Friday, 31 March 2017

Damo's March 2017 Podcast Highlights

I subscribe to many podcasts, you can see the list as it was in 2015 here: Developer podcasts v2. I'm keeping a podcast blog here of the episodes that I find interesting or useful in some way.


[AWS Podcast] Security in Serverless Architectures
  • In this special episode, Bryan Liston, Developer Advocate for AWS Serverless, speaks with Mark Nunnikhoven, Vice President, Cloud Research, TrendMicro and Adam Johnson, Cofounder at IOpipes. The discuss considerations for security in serverless architectures, with plenty of “war stories”!

[Pivotal Podcasts] Beyond "Survival Is Not Mandatory"
  • Tactical advice for organizations who are finding it difficult to do all the right things that DevOps and cloud-native think are prescriptive.

[The Cloudcast] Monoliths and Microservices
  • Chat about evolving technology and organizational culture
  • How to think about monolithic applications in today’s business context
  • The challenges of microservices
  • Lessons learned from good CI practices
  • Emerging patterns to evolve existing applications.

[DevOps Chat] The 7 Habits of Successful DevOps
  • Lessons learned building visual studio online
  • Team autonomy and enterprise alignment
  • Rigorous management of technical debt.
  • Focus on the flow of customer value
  • Hypothesis driven development or a backlog that gets groomed with learning
  • Gather evidence in production
  • A production first mindset
  • Manage infrastructure as a flexible resource


[oredev] 7 minutes, 26 seconds, and the Fundamental Theorem of Agile Software Development
  • Fred Brooks' essay "No Silver Bullet" taught us that no single technique can bring us an order-of-magnitude improvement within a single decade. In spite of this, from his ideas of essential and accidental complication, we can conclude something stunning about the nature of agile software development.
  • A quick interesting talk about Agile, TDD, Refactoring and why your estimates suck
  • Accidental complexity vs essential complexity
  • And how if you want to be consistent in your estimates you need to refactor out all accidental complexity
  • Effort = f(g(e ), h(a)) == g(e) + h(a)
  • Effort is a function of the essential complexity plus accidental complexity. Or in other words effort required is roughly equal to essesial plus accidental complexity

[Agile for Humans] A Panel Discussion on #NoEstimates
  • #NoEstimates means many different things to many different people. The group defined #NoEstimates as a conversation around when estimates are appropriate and to which level of precision teams should target.
  • We noted that the hashtag can lead to more “heat than light”, but also acknowledged that a rich conversation has formed around the questions that #NoEstimates poses.
  • To some this did not go far enough and we continued to highlight other benefits of estimating such as:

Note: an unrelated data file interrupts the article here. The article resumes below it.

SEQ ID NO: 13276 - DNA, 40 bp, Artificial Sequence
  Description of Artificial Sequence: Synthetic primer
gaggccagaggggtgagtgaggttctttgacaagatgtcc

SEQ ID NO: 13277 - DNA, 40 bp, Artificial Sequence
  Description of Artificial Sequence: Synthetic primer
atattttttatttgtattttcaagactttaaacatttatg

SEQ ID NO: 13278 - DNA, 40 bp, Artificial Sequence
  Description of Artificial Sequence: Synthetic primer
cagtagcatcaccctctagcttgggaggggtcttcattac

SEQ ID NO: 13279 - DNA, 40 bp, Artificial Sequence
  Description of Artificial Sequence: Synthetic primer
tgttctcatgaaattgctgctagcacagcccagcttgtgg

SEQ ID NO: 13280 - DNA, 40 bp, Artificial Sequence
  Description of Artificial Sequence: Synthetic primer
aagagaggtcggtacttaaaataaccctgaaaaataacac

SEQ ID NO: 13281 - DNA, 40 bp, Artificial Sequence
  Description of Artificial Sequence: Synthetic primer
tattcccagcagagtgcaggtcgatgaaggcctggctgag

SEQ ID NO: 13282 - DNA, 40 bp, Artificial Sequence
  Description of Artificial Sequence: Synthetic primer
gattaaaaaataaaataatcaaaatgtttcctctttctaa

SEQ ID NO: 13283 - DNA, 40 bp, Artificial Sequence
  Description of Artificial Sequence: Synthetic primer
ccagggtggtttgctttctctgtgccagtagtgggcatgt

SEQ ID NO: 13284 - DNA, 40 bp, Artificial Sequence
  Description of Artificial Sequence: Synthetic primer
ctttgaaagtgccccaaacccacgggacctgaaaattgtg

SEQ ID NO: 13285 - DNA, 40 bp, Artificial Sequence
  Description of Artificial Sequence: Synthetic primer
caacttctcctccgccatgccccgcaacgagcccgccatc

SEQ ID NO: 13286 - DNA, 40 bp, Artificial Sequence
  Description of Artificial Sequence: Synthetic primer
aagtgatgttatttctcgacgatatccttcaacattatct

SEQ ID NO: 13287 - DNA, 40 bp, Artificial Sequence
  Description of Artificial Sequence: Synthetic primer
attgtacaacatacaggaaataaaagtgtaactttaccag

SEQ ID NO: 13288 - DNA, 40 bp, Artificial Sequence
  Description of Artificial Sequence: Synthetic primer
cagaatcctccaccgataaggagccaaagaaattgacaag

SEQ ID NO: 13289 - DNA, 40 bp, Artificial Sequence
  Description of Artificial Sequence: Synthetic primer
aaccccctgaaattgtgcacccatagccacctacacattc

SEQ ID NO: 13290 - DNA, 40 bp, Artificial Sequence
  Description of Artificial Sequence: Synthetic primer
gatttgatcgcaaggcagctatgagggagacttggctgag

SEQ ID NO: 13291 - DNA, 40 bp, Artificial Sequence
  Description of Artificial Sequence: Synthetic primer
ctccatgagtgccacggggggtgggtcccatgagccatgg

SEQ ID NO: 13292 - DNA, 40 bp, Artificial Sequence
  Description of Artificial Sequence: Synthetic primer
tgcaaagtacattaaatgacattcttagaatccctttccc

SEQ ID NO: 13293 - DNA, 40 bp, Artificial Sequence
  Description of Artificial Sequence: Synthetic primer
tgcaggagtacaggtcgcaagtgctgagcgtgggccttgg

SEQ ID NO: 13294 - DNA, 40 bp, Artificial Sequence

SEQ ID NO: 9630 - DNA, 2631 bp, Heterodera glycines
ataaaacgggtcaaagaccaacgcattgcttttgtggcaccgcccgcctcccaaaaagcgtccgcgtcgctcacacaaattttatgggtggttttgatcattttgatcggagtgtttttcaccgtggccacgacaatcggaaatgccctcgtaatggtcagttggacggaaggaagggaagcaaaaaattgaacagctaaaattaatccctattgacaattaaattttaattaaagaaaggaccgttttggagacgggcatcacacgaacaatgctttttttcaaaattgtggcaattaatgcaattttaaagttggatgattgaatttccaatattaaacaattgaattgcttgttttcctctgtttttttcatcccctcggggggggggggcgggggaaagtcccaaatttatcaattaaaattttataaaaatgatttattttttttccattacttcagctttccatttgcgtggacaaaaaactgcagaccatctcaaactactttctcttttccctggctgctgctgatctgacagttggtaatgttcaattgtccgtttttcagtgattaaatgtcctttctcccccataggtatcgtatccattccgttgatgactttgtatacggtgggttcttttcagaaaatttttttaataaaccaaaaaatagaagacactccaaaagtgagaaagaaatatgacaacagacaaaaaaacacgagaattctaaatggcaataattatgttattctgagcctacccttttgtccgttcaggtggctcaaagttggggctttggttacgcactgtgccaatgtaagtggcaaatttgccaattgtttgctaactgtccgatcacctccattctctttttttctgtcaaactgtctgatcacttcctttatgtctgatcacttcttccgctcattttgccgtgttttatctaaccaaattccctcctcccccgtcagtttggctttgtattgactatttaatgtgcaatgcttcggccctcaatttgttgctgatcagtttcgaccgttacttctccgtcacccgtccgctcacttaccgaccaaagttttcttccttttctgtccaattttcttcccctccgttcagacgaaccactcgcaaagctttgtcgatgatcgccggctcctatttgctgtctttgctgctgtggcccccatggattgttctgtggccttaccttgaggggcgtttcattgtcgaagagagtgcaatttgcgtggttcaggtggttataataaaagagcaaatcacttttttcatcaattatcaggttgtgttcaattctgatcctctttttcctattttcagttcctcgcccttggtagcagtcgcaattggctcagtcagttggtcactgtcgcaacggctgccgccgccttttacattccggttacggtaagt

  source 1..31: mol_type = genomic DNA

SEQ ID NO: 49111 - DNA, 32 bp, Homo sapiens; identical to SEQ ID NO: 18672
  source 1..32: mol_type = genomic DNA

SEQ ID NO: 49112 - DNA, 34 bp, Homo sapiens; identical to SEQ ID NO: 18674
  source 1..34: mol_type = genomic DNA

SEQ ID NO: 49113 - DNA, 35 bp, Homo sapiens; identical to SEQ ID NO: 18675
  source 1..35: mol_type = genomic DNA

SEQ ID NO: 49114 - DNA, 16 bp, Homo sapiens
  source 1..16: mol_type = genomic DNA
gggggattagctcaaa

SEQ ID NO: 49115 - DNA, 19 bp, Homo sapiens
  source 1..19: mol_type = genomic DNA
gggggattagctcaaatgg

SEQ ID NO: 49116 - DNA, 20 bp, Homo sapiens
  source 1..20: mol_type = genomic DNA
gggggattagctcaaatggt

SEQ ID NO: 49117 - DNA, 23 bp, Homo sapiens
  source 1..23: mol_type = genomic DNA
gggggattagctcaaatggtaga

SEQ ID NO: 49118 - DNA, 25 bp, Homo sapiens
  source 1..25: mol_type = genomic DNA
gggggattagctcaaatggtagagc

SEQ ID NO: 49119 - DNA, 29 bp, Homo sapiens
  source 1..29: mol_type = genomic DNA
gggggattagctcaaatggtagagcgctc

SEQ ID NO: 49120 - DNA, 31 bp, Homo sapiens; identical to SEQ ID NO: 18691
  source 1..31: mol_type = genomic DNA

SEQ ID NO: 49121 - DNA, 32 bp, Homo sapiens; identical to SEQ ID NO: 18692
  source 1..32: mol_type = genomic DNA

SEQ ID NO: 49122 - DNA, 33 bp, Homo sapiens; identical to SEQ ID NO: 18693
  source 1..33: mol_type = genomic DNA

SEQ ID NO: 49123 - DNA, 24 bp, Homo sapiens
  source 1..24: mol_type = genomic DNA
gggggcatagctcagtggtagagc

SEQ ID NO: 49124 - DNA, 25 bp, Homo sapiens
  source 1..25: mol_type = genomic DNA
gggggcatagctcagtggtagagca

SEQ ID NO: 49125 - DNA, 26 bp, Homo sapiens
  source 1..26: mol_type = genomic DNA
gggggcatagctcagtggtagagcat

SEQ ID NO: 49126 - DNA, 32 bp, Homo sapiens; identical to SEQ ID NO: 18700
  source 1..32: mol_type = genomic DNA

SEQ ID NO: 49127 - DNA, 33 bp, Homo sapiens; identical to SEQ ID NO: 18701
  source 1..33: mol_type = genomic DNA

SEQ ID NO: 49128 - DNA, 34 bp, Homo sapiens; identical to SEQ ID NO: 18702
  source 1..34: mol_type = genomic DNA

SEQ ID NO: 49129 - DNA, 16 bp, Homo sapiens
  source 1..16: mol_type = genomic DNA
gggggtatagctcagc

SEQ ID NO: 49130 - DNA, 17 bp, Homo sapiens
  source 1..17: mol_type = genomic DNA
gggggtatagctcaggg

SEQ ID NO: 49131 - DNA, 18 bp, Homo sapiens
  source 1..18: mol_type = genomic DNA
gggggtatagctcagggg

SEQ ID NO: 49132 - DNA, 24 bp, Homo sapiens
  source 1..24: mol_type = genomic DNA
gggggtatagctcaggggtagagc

• Conversations that occur when estimating
    • Shared understand of programming activities
    • Enabling decision making at the executive level
    • Validating project/program/product assumptions
    • Indication of possible issues when reality and the estimate do not match

[Agile for Humans] Mob Programming with Woody Zuill
  • Mob programming involves the whole team working on the same thing, at the same time, in the same space, and at the same computer. You can think of it as pair programming turned up to eleven.
  • What are the benefits that mob programming can bring to a team, how it can simplify the hiring and on-boarding process, and what to do when the mob needs some alone time.

[Hanselminutes] Lean Customer Development with Cindy Alvarez
  • Cindy Alvarez is the author of Lean Customer Development. How do you develop products that people will actually use and buy? She shows Scott how to validate product and company ideas through customer development research—before we waste months and millions on a product or service that no one needs or wants

Programming and Testing

[StrangeLoop] Rich Hickey Simple Made Easy
  • Rich Hickey emphasizes simplicity’s virtues over easiness’, showing that while many choose easiness they may end up with complexity, and the better way is to choose easiness along the simplicity path.
  • We should aim for simplicity because simplicity is a prerequisite for reliability.
  • Simple is often erroneously mistaken for easy. "Easy" means "to be at hand", "to be approachable". "Simple" is the opposite of "complex" which means "being intertwined", "being tied together". Simple != easy.

[Toolsday] Git
  • Git is something we use every day
  • Discussions about some tools, tips, and tricks to make using git better.

[Software Engineering Radio] Developer Testing
  • Developer testing is more than unit testing. In most cases, developers need to supplement their unit tests with higher-level tests, such as integration tests and end-to-end tests.
  • Topics include Developer Testing, Agile Testing, Programming by Contract, Specification Based Testing,

[Software Engineering Daily] Cloudbleed and SHA-1 Collision
  • Discussion about the Cloudbleed bug, which leaked tons of plaintext requests from across the Internet into plain view.
  • And the first collision attack against SHA-1 demonstrated by researchers at Google, foretelling the demise of SHA-1 as a safe hashing function.